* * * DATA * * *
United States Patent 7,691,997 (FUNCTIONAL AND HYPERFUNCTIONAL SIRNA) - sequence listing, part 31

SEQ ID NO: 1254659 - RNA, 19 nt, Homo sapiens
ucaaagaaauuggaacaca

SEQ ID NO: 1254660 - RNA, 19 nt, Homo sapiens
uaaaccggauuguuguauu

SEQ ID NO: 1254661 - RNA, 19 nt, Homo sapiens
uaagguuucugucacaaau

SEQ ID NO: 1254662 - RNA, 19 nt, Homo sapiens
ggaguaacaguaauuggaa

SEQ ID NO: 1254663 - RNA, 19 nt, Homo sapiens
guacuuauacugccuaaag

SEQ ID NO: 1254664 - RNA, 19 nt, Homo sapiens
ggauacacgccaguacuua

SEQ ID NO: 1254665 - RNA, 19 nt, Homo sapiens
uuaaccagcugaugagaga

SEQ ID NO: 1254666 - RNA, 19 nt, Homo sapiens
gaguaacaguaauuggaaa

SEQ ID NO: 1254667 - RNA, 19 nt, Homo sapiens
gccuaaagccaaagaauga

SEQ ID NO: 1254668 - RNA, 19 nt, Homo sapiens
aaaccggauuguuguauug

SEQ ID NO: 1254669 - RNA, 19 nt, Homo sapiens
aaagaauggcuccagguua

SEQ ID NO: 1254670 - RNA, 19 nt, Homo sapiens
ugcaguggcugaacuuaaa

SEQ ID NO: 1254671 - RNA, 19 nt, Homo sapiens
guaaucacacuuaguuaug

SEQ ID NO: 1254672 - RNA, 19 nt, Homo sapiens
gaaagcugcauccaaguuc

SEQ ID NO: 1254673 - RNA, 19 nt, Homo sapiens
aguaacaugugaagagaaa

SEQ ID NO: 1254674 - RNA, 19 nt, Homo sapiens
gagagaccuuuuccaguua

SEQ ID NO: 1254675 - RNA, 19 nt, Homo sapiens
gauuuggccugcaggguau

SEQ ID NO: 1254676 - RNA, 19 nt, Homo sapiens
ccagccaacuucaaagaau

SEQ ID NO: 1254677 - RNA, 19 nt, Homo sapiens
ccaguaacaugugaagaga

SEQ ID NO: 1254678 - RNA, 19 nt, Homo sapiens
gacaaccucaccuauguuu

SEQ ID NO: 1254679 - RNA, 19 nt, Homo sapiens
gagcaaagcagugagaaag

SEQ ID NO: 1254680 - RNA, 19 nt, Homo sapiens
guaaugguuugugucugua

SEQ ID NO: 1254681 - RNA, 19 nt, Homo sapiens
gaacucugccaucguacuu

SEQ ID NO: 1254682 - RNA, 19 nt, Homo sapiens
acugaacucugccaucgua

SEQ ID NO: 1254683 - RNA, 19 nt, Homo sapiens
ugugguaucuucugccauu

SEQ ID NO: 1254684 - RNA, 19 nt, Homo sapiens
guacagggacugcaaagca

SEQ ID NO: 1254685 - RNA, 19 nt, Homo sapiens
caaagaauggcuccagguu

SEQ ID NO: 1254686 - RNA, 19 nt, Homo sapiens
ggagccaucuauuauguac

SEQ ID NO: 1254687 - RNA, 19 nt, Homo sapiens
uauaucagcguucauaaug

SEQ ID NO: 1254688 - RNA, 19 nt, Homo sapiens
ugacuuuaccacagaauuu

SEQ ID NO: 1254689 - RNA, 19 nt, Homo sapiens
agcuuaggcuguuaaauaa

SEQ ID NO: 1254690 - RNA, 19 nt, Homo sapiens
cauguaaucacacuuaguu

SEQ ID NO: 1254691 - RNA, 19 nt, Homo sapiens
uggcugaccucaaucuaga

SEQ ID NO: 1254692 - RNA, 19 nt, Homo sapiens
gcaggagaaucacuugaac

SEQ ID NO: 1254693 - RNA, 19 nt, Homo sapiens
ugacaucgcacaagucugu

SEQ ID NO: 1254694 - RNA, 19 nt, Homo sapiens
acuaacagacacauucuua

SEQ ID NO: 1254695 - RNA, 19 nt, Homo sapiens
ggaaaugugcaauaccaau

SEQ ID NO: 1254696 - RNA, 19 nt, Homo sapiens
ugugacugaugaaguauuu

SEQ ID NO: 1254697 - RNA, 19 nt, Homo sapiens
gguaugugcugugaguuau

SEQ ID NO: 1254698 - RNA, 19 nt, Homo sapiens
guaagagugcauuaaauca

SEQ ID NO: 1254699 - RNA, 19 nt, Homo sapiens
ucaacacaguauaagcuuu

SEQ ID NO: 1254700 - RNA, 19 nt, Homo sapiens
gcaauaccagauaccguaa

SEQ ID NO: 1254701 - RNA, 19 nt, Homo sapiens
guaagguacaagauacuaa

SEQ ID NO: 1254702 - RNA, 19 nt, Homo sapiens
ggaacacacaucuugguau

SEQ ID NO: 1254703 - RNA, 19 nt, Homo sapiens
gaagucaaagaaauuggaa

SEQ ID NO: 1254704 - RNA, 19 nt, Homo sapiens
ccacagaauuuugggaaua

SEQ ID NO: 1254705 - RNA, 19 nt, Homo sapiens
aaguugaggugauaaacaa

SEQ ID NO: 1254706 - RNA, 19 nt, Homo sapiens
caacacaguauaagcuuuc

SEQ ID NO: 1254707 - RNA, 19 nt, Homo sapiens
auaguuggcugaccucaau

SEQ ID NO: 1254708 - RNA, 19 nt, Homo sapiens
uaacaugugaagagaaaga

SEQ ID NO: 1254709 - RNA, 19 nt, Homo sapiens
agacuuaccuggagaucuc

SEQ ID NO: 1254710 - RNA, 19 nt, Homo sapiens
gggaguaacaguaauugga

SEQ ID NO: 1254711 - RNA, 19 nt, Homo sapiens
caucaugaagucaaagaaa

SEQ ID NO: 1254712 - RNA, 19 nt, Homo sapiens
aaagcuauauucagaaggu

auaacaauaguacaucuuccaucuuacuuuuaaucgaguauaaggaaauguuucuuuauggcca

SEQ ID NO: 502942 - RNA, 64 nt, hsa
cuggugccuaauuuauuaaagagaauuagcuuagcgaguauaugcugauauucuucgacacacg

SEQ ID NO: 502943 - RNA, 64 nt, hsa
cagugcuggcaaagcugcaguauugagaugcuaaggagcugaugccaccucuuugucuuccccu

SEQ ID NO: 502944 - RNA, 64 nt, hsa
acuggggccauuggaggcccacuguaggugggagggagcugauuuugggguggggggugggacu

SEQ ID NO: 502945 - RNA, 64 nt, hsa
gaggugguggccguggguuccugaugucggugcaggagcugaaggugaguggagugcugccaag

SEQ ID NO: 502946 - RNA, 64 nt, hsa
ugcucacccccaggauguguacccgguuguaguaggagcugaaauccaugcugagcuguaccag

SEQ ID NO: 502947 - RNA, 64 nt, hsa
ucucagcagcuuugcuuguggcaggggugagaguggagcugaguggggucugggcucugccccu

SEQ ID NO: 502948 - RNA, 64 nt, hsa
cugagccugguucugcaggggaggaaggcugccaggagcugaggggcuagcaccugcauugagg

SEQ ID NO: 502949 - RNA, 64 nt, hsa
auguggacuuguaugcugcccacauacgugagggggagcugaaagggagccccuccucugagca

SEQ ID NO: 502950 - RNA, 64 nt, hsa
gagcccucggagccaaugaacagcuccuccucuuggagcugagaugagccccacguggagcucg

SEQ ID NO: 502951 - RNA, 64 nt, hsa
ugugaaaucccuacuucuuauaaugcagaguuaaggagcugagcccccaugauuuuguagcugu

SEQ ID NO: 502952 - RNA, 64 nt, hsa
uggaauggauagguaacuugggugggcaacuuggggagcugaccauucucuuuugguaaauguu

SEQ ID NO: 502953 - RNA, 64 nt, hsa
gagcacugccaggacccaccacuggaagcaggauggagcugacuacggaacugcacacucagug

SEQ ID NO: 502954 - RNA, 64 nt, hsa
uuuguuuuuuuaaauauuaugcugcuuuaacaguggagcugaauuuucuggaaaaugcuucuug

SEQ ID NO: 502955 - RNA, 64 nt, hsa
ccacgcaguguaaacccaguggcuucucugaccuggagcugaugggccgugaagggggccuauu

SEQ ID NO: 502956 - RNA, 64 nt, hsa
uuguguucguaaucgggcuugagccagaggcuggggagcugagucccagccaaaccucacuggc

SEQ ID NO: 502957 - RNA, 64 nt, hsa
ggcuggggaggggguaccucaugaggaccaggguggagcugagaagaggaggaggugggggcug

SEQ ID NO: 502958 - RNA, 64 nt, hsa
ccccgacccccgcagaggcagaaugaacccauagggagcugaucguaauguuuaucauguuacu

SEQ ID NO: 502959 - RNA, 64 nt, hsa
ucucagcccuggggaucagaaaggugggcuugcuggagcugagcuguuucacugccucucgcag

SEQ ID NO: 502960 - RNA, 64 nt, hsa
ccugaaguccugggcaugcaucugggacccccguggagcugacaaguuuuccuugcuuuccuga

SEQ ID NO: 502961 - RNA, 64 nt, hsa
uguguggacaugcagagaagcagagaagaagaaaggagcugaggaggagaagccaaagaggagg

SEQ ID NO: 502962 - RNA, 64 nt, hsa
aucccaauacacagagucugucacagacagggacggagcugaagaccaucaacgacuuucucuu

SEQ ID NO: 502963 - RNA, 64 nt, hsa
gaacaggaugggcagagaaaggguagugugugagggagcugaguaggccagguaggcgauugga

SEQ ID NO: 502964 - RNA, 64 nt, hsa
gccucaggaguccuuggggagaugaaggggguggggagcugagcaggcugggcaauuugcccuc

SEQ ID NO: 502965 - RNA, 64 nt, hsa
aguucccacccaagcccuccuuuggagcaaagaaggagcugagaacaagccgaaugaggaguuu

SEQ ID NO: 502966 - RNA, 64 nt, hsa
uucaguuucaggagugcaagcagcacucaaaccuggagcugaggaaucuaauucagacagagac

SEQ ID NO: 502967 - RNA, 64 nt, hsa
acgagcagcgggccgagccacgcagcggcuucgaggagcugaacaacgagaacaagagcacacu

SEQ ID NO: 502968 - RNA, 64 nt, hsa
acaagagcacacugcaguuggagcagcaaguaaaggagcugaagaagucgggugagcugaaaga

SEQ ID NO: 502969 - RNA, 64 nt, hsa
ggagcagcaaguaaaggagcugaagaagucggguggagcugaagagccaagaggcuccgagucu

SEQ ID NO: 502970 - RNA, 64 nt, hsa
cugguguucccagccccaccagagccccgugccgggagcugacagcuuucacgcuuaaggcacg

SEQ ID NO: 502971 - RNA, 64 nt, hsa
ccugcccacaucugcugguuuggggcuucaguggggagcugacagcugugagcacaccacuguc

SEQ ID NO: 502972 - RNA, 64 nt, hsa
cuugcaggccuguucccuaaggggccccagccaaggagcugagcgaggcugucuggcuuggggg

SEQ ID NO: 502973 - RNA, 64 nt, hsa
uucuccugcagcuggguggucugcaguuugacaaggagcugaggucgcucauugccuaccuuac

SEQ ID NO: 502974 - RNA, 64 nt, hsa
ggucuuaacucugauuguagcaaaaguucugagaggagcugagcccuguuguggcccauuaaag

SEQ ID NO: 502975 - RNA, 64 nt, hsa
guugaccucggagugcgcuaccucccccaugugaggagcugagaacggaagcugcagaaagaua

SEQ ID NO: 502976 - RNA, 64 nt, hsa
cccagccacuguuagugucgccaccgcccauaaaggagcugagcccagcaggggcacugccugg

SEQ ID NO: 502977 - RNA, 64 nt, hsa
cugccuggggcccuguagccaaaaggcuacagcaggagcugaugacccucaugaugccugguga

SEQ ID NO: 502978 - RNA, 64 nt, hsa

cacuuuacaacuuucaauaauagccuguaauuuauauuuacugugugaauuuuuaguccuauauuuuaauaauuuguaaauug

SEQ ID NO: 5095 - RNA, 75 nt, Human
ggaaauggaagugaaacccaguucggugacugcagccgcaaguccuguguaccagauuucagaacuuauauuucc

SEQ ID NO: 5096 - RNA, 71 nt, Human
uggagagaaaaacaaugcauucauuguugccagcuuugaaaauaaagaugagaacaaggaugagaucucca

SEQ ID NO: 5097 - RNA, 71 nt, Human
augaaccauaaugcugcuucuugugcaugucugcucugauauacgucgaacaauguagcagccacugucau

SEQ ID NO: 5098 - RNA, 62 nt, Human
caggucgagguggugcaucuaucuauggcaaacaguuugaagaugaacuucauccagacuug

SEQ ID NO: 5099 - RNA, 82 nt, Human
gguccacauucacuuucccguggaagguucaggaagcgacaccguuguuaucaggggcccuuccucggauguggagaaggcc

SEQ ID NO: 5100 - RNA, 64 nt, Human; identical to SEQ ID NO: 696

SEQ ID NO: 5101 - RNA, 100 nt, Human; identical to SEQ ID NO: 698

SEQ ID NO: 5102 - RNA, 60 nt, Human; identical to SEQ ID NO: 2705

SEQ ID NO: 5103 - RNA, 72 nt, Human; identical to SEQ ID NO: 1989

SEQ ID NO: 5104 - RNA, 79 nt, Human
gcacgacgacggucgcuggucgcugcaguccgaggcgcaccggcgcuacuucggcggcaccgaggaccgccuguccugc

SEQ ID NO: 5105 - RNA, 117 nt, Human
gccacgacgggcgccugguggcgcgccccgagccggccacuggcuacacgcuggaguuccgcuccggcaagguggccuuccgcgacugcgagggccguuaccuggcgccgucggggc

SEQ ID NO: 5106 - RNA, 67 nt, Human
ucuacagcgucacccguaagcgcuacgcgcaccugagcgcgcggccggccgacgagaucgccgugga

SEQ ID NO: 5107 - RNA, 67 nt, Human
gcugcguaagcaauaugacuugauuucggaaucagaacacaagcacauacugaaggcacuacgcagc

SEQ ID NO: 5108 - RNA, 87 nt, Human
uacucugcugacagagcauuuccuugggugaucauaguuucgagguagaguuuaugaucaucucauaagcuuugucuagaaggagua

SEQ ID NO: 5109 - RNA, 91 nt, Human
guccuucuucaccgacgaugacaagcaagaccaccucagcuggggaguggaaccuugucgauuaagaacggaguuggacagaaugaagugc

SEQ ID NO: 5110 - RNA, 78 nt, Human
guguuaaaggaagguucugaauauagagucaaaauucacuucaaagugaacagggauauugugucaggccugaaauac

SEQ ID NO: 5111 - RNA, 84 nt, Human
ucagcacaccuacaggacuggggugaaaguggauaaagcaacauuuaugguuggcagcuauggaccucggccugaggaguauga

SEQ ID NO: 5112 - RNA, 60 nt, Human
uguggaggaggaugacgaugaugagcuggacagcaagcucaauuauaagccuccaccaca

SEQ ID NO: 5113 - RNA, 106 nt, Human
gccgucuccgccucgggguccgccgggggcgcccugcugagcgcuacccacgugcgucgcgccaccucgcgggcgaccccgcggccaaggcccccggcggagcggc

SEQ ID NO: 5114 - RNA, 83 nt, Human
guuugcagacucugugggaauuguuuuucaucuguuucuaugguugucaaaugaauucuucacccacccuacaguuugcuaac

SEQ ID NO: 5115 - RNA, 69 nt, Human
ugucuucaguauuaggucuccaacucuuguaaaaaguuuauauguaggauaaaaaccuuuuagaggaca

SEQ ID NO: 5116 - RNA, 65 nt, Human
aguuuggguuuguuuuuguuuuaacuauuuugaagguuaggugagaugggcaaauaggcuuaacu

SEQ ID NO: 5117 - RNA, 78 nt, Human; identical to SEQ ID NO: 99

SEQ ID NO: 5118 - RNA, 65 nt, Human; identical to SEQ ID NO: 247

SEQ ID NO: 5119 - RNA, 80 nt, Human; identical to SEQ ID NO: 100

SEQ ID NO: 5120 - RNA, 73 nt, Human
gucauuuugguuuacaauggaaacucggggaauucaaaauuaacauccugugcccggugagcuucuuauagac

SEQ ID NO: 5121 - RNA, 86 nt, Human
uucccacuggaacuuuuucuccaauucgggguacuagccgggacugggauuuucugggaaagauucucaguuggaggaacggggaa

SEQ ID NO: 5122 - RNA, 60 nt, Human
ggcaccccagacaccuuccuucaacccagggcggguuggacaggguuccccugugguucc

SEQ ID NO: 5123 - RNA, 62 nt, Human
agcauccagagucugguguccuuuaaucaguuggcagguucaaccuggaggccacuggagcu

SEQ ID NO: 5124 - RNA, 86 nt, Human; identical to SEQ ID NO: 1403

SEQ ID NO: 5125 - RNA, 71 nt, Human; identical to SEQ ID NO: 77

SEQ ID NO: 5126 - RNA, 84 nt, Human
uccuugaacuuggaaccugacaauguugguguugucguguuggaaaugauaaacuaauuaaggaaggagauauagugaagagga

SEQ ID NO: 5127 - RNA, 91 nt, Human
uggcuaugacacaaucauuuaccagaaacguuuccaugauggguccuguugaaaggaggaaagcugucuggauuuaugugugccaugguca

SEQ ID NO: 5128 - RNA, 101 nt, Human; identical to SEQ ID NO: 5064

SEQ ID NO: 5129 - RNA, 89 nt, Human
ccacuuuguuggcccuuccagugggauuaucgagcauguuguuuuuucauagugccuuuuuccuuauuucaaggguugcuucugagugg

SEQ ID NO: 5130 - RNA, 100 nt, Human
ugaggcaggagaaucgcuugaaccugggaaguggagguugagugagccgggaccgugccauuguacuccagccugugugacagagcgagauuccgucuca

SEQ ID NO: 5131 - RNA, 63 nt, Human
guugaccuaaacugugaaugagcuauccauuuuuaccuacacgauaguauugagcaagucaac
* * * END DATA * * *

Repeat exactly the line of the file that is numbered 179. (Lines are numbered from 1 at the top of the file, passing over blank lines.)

SEQ ID NO: 502976 - RNA, 64 nt, hsa